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File Troff document (with manpage macros)Do Lottery Payments Induce Savings Behavior? Evidence from the Lab
Melissa Kearney, University of Maryland, et al. // Keywords: prize linked savings, lotteries, risk preferences, Prelec weighting; 2013-013
Located in Research / Working Papers / WP Documents
Article Reference Troff document (with manpage macros)Does Benefit Framing Improve Record Linkage Consent Rates? A Survey Experiment
Survey researchers are increasingly seeking opportunities to link interview data with administrative records. However, obtaining consent from all survey respondents (or certain subgroups) remains a barrier to performing record linkage in many studies. We experimentally investigated whether emphasizing different benefits of record linkage to respondents in a telephone survey of employee working conditions improves respondents’ willingness to consent to linkage of employment administrative records relative to a neutral consent request. We found that emphasizing linkage benefits related to “time savings” yielded a small, albeit statistically significant, improvement in the overall linkage consent rate (86.0) relative to the neutral consent request (83.8 percent). The time savings argument was particularly effective among “busy” respondents. A second benefit argument related to “improved study value” did not yield a statistically significant improvement in the linkage consent rate (84.4 percent) relative to the neutral request. This benefit argument was also ineffective among the subgroup of respondents considered to be most likely to have a self-interest in the study outcomes. The article concludes with a brief discussion of the practical implications of these findings and offers suggestions for possible research extensions.
Located in MPRC People / Frauke Kreuter, Ph.D. / Frauke Kreuter Publications
Does foreign aid cause economic growth in recipient countries?
Galiani study cited in The Economist
Located in News
Article Reference Troff document (with manpage macros)Does gang membership pay? Illegal and legal earnings through emerging adulthood
Gang membership is believed to impede success in the legitimate economic market while simultaneously supporting success in the illegal market. We extend the study of the economic effects of gang membership by using a within-and between-individual analytic design, decomposing gang membership into multiple statuses (i.e., entering a gang,continuously in a gang, leaving a gang, and inactive gang membership), examining legal and illegal earnings simultaneously, and accounting for factors endogenous to gang membership that may contribute to economic achievement.By using panel data from 1,213 individuals who participated in the Pathways to Desistance Study to conduct a multi level path analysis, we find that active gang membership status is unrelated to legal earnings. Alternatively,entering a gang is associated with increased illegal earnings, attributable to changes in delinquent peers and drug use, whereas leaving a gang has a direct relationship with decreased illegal earnings. Our results indicate that the positive economic effect of gang membership (i.e., illegal earnings and total earnings) is short-lived and that, on balance,the sum of the gang membership experience does not “pay”in terms of overall earnings.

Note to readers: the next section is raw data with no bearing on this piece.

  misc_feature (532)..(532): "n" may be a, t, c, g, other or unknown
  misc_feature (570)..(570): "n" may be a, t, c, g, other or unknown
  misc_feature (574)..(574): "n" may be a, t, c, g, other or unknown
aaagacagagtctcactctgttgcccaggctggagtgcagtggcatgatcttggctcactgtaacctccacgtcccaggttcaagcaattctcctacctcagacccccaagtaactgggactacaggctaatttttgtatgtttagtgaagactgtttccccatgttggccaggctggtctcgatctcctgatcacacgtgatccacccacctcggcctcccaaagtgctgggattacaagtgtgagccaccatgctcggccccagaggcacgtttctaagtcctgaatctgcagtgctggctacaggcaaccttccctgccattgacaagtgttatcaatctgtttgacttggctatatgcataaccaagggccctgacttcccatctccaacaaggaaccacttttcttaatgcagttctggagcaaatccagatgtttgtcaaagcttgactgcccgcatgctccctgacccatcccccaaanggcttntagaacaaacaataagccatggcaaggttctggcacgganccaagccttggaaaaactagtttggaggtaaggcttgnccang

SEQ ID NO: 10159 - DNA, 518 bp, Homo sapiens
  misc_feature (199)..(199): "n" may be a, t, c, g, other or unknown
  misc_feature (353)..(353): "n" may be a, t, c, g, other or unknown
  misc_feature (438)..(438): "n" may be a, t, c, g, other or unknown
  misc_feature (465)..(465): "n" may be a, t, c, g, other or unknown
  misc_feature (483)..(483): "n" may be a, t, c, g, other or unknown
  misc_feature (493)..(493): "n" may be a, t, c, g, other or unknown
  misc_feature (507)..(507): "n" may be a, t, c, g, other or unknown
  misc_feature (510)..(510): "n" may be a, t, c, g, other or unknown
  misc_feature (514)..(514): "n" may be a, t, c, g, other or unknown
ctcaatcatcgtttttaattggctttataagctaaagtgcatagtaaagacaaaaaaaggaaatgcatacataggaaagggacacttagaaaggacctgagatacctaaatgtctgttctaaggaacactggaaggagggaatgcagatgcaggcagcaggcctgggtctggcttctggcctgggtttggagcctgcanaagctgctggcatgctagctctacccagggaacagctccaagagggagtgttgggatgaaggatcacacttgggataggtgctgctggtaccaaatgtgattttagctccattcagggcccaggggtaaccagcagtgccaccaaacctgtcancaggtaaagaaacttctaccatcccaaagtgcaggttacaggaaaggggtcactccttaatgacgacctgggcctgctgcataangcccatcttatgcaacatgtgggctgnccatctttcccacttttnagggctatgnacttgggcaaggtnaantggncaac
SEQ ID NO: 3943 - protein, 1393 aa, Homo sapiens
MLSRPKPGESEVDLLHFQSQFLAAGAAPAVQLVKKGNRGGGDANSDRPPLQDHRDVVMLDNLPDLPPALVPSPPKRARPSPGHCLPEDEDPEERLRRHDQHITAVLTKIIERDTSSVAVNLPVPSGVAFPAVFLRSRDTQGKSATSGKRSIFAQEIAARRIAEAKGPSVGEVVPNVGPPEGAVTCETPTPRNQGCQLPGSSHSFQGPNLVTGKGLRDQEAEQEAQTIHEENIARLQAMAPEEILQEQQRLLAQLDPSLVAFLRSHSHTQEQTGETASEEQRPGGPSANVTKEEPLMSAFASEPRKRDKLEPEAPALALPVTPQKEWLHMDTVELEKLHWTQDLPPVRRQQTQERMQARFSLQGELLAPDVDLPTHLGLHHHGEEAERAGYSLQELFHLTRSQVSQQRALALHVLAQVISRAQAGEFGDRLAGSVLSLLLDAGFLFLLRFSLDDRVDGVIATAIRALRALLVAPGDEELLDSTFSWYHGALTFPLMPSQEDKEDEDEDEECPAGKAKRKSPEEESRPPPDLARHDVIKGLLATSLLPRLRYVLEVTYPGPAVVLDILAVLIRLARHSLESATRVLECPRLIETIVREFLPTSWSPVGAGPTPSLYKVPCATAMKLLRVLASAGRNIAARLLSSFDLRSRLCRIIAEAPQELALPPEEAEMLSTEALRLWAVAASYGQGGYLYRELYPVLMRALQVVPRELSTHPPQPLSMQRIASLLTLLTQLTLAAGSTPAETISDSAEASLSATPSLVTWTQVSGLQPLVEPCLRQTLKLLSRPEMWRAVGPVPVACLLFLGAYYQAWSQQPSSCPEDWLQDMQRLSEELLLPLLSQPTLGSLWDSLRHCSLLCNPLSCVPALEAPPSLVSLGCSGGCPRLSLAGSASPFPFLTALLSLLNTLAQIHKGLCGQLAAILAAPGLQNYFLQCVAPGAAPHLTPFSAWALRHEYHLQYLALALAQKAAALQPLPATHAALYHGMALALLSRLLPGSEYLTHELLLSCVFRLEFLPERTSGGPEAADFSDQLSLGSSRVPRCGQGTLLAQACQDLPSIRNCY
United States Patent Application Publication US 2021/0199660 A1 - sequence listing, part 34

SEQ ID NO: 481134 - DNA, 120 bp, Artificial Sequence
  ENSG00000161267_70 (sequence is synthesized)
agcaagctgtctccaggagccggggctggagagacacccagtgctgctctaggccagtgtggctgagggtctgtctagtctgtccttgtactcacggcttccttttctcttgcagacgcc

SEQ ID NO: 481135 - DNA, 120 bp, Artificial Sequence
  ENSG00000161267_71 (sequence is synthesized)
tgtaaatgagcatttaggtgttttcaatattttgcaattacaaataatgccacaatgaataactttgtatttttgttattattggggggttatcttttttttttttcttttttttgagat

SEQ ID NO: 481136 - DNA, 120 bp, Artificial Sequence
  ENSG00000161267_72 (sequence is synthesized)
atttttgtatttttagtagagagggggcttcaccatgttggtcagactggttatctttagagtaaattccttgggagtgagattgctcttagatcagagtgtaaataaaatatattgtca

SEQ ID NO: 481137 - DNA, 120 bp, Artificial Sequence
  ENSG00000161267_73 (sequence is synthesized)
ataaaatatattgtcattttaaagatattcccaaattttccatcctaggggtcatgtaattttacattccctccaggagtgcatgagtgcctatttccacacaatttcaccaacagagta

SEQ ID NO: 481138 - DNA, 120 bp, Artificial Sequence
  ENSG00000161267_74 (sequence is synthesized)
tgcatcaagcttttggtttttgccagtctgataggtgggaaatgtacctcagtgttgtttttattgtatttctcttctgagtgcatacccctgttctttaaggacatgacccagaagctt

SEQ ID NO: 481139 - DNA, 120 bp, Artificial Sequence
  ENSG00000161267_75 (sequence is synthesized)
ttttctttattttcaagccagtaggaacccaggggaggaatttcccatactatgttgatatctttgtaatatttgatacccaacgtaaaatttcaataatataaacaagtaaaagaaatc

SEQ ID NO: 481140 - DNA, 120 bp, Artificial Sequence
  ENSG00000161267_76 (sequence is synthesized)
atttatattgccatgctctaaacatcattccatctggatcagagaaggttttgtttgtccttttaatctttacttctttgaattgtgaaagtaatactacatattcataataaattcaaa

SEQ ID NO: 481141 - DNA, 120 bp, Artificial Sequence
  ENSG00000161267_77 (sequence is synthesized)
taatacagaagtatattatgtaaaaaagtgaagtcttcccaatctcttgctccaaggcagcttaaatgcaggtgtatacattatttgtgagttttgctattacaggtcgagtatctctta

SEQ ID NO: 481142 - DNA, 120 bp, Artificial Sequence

Located in MPRC People / Jean McGloin, Ph.D. / Jean McGloin Publications
Dylan Roby comments on California’s new contract worker law
Companies challenge the new contract worker law by cutting down their working hours
Located in News
Dynamism diminished: The role of housing markets and credit conditions
John Haltiwanger looks at the effect of housing market shocks on young businesses and start-ups
Located in Research / Selected Research
Econ Seminar : Barbara Biasi, Yale University
What Works and For Whom? Effectiveness and Efficiency of School Capital Investments Across The U.S.
Located in Coming Up
Econ Seminar: Ana Reynoso, University of Michigan
Marriage Market and Labor Sorting
Located in Coming Up
Econ Seminar: Caterina Calsamiglia, Barcelona Graduate School
The Design of University Entrance Exams and its Implications for Gender Gaps
Located in Coming Up
Econ Seminar: Conrad Miller, University of California Berkeley
The Dynamics of Referral Hiring and Racial Inequality: Evidence from Brazil
Located in Coming Up